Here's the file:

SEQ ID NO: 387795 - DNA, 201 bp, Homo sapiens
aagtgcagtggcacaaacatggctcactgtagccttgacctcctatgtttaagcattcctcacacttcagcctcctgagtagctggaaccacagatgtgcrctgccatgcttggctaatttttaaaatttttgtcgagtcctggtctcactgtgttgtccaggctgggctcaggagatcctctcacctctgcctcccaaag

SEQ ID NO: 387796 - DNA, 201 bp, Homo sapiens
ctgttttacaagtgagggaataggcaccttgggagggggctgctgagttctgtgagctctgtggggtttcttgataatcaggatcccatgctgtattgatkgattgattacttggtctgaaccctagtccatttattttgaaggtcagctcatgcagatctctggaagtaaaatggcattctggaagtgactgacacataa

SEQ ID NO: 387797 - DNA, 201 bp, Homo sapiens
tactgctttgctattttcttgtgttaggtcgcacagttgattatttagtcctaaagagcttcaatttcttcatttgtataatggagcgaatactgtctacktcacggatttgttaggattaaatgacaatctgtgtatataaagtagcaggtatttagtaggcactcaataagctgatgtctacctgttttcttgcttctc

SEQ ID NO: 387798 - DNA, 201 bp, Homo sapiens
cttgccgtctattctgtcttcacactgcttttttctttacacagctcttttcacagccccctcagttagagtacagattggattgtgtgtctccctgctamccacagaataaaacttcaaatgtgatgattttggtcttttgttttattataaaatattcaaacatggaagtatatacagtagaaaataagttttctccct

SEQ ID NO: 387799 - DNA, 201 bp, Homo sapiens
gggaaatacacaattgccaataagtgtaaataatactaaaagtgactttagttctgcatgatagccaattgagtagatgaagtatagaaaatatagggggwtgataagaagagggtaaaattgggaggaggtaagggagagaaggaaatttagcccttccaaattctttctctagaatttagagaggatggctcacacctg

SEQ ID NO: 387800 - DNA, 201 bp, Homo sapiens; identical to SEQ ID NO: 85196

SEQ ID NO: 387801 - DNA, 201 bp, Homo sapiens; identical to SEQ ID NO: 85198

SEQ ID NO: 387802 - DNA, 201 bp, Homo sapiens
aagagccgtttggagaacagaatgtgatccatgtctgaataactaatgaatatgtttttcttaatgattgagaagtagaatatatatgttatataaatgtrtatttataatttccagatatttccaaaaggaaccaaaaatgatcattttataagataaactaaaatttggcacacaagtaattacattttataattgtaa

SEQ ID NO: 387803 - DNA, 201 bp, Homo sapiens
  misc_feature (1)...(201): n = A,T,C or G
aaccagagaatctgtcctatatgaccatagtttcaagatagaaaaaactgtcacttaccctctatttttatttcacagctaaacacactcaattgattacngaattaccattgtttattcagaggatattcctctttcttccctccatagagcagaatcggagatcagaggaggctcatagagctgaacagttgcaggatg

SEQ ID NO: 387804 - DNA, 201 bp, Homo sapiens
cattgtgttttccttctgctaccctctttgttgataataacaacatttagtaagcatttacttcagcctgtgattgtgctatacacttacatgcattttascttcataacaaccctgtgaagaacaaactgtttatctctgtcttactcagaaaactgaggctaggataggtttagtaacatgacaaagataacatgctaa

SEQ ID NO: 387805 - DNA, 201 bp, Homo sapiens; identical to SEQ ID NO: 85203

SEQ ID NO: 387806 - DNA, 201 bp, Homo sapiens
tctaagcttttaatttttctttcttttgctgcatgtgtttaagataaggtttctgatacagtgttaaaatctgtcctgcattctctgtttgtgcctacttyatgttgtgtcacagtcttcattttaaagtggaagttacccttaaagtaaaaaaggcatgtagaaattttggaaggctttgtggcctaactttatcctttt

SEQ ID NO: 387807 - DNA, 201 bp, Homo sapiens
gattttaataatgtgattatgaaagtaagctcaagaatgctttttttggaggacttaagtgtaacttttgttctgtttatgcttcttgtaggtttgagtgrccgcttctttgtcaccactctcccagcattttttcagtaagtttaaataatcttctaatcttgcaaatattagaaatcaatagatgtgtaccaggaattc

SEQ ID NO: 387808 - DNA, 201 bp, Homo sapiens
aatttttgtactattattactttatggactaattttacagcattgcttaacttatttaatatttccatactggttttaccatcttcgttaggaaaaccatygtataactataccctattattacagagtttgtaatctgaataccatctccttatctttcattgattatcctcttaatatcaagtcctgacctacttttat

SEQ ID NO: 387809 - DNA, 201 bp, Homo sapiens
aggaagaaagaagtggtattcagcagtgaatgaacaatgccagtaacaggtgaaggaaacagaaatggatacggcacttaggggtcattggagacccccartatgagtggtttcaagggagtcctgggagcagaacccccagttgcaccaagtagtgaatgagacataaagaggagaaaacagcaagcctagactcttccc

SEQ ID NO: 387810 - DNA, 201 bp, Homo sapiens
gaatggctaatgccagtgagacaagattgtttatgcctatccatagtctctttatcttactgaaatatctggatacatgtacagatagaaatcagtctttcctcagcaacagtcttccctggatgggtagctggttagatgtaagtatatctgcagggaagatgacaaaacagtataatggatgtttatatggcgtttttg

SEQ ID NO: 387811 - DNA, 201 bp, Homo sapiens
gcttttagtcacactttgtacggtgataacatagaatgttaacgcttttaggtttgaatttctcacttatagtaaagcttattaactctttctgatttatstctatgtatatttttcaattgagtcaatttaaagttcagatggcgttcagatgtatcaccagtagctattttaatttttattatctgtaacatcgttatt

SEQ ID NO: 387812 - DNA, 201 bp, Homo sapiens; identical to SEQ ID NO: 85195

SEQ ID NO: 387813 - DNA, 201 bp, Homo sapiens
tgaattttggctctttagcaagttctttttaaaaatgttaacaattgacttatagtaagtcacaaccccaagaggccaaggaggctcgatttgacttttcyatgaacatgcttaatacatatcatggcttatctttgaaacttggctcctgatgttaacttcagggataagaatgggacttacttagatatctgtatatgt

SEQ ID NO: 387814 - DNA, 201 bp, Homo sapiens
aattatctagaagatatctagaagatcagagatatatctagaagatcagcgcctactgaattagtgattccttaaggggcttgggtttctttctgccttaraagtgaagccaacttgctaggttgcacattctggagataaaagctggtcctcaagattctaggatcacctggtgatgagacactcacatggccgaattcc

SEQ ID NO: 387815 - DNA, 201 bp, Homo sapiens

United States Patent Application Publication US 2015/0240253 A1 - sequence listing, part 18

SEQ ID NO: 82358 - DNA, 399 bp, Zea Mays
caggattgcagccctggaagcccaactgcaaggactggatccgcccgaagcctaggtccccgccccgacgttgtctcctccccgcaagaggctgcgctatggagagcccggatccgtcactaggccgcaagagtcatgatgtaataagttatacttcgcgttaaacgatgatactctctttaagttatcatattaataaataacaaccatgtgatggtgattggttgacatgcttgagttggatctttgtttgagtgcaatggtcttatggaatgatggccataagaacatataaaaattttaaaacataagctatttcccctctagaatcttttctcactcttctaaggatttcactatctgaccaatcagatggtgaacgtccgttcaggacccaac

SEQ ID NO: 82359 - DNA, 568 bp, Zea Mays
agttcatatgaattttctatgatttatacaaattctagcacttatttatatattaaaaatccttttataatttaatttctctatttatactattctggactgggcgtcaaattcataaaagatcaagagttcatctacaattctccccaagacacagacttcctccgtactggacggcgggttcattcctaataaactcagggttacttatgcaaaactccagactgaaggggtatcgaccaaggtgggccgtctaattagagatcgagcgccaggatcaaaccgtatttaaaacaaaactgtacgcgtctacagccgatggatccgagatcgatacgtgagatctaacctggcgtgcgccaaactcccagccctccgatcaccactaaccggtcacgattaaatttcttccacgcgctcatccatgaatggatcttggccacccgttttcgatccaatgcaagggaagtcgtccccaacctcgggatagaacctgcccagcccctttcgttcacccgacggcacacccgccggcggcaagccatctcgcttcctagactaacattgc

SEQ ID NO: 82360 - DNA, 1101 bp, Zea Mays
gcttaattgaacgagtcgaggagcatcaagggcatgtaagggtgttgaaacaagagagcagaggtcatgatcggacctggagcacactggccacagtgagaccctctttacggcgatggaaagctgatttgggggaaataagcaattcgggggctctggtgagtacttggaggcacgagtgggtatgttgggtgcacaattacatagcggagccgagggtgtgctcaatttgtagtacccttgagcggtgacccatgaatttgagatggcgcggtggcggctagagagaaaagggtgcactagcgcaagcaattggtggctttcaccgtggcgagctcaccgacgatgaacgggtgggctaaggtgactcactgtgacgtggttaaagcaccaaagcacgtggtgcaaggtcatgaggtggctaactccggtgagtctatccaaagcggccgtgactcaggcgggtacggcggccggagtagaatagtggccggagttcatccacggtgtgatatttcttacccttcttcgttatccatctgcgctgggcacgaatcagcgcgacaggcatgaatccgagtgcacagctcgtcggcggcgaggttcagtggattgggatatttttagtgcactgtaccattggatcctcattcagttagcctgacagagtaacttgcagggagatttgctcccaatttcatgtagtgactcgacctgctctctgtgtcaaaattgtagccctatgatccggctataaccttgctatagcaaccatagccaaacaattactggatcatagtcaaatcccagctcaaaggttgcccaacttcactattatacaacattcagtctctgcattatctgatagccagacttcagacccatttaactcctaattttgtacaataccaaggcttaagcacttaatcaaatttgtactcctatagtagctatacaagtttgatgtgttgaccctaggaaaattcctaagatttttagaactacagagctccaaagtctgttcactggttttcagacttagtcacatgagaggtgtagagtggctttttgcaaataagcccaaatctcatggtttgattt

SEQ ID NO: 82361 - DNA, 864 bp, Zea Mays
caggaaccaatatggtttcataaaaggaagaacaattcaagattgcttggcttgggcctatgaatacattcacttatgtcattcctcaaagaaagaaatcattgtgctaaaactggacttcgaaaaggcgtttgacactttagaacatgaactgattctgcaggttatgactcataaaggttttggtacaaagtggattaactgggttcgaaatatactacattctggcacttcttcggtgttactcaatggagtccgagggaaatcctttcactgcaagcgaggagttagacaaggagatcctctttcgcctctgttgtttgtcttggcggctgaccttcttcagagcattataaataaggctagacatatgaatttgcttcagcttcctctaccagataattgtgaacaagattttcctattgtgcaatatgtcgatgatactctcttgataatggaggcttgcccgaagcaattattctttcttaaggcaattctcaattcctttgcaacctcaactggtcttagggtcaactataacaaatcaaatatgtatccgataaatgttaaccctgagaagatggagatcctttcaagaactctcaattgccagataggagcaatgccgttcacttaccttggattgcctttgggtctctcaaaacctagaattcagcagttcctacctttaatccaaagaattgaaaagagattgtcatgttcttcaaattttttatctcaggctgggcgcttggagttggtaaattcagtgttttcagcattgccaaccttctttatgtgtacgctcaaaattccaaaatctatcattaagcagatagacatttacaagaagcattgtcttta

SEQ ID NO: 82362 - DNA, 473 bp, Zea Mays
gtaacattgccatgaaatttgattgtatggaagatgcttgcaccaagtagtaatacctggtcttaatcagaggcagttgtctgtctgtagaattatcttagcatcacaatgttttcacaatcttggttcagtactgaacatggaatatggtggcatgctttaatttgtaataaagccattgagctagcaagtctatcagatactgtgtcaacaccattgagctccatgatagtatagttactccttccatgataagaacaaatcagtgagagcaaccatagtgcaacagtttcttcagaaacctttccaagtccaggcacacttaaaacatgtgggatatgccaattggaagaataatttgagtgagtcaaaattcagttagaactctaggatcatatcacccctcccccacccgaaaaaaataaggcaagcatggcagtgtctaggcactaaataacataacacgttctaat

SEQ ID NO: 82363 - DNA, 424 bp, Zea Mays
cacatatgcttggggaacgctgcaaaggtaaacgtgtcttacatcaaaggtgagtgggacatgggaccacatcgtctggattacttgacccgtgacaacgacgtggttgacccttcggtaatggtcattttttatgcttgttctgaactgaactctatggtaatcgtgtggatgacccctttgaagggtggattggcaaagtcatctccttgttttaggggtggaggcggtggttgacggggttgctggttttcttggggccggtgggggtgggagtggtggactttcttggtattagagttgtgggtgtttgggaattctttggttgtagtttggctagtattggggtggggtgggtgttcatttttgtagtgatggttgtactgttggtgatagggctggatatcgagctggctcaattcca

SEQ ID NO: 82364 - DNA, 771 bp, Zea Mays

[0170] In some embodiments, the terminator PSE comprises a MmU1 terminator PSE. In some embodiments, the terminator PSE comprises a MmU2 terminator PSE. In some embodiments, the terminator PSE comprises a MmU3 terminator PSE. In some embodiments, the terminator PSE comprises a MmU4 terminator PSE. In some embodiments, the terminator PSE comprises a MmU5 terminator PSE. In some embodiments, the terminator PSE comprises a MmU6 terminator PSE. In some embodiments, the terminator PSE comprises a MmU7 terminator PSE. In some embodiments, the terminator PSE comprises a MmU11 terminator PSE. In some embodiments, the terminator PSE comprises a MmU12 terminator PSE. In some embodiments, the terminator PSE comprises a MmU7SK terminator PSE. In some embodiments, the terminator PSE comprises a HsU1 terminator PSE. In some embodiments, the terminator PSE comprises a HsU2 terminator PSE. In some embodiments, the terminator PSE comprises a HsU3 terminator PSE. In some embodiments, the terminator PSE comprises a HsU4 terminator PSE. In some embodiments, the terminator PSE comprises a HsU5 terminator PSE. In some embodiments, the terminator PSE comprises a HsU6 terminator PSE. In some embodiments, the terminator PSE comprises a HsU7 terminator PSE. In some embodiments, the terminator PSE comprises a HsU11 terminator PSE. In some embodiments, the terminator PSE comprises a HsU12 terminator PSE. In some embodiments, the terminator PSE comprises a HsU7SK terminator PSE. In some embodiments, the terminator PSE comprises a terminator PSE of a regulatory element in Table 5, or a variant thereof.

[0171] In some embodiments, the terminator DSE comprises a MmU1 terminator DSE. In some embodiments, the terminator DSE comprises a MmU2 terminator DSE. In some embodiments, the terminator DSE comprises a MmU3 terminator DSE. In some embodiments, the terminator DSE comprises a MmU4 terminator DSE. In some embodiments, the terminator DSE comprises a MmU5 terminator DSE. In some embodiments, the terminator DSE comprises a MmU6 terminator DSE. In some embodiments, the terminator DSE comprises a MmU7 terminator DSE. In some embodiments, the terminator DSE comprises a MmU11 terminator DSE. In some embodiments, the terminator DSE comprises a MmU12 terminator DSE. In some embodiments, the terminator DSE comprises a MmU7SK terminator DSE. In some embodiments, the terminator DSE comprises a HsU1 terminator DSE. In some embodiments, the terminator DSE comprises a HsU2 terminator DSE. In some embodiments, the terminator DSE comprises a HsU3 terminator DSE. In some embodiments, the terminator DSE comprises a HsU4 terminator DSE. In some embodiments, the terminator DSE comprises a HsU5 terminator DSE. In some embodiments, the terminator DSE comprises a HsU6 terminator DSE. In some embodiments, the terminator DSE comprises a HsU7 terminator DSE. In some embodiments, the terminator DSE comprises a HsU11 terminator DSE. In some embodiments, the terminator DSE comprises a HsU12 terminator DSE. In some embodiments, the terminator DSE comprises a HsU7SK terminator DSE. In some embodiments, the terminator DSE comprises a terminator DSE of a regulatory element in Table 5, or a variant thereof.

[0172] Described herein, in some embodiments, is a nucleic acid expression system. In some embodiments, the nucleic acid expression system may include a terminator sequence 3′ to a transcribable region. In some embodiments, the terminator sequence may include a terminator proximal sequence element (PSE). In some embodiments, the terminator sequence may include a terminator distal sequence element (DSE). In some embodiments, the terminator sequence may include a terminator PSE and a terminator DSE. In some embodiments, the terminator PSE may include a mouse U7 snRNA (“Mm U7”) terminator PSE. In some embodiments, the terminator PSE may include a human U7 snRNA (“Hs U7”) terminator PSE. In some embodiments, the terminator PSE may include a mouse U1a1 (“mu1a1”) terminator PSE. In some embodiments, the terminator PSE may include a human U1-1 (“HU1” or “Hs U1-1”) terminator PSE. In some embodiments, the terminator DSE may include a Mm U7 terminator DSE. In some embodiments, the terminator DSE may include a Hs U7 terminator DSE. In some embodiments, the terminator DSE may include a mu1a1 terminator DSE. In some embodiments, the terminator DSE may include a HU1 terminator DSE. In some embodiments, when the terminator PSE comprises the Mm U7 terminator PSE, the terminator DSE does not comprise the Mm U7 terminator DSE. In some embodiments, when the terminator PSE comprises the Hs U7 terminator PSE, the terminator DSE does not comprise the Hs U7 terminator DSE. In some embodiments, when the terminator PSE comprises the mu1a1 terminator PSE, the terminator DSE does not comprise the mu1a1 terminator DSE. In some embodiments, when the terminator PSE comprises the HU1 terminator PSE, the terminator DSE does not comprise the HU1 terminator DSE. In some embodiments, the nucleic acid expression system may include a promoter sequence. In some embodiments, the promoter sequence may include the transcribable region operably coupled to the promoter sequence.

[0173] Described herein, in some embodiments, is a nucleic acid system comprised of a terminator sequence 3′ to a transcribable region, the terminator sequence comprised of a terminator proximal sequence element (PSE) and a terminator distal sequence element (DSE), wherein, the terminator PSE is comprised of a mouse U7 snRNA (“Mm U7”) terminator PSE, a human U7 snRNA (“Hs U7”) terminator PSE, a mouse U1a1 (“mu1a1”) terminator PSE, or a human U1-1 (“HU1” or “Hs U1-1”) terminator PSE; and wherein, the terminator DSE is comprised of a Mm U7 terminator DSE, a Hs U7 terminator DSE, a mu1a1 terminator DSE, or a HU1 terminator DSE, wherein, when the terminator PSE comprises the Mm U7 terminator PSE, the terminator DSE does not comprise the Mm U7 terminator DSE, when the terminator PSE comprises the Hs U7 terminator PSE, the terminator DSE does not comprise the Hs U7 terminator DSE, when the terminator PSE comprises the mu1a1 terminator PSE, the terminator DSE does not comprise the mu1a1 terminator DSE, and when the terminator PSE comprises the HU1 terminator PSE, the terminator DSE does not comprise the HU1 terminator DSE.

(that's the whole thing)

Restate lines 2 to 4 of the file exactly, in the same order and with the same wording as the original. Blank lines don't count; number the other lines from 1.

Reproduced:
aagtgcagtggcacaaacatggctcactgtagccttgacctcctatgtttaagcattcctcacacttcagcctcctgagtagctggaaccacagatgtgcrctgccatgcttggctaatttttaaaatttttgtcgagtcctggtctcactgtgttgtccaggctgggctcaggagatcctctcacctctgcctcccaaag

SEQ ID NO: 387796 - DNA, 201 bp, Homo sapiens
ctgttttacaagtgagggaataggcaccttgggagggggctgctgagttctgtgagctctgtggggtttcttgataatcaggatcccatgctgtattgatkgattgattacttggtctgaaccctagtccatttattttgaaggtcagctcatgcagatctctggaagtaaaatggcattctggaagtgactgacacataa